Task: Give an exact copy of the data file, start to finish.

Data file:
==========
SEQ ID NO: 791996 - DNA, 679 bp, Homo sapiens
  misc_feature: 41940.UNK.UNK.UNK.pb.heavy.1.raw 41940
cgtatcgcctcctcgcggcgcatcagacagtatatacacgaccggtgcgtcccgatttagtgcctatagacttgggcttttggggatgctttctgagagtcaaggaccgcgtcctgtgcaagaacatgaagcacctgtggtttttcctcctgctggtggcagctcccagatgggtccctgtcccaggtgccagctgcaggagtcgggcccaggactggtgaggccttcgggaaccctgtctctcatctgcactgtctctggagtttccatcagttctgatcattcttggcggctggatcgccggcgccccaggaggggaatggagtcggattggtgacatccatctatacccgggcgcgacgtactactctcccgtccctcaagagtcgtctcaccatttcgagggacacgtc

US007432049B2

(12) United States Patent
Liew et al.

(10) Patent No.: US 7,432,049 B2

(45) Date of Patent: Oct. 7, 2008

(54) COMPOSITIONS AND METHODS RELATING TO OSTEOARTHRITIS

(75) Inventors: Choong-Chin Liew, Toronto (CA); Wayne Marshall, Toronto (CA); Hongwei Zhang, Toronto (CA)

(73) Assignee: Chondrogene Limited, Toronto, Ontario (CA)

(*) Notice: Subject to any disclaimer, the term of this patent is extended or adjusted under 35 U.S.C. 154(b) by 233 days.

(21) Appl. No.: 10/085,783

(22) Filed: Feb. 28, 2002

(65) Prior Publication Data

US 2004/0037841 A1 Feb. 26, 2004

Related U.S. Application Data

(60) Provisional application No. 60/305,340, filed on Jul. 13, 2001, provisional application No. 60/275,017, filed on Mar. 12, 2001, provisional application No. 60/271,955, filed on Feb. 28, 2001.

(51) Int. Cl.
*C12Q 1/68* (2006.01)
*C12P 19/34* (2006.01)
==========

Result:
SEQ ID NO: 791996 - DNA, 679 bp, Homo sapiens
  misc_feature: 41940.UNK.UNK.UNK.pb.heavy.1.raw 41940
cgtatcgcctcctcgcggcgcatcagacagtatatacacgaccggtgcgtcccgatttagtgcctatagacttgggcttttggggatgctttctgagagtcaaggaccgcgtcctgtgcaagaacatgaagcacctgtggtttttcctcctgctggtggcagctcccagatgggtccctgtcccaggtgccagctgcaggagtcgggcccaggactggtgaggccttcgggaaccctgtctctcatctgcactgtctctggagtttccatcagttctgatcattcttggcggctggatcgccggcgccccaggaggggaatggagtcggattggtgacatccatctatacccgggcgcgacgtactactctcccgtccctcaagagtcgtctcaccatttcgagggacacgtc

US007432049B2

(12) United States Patent
Liew et al.

(10) Patent No.: US 7,432,049 B2

(45) Date of Patent: Oct. 7, 2008

(54) COMPOSITIONS AND METHODS RELATING TO OSTEOARTHRITIS

(75) Inventors: Choong-Chin Liew, Toronto (CA); Wayne Marshall, Toronto (CA); Hongwei Zhang, Toronto (CA)

(73) Assignee: Chondrogene Limited, Toronto, Ontario (CA)

(*) Notice: Subject to any disclaimer, the term of this patent is extended or adjusted under 35 U.S.C. 154(b) by 233 days.

(21) Appl. No.: 10/085,783

(22) Filed: Feb. 28, 2002

(65) Prior Publication Data

US 2004/0037841 A1 Feb. 26, 2004

Related U.S. Application Data

(60) Provisional application No. 60/305,340, filed on Jul. 13, 2001, provisional application No. 60/275,017, filed on Mar. 12, 2001, provisional application No. 60/271,955, filed on Feb. 28, 2001.

(51) Int. Cl.
*C12Q 1/68* (2006.01)
*C12P 19/34* (2006.01)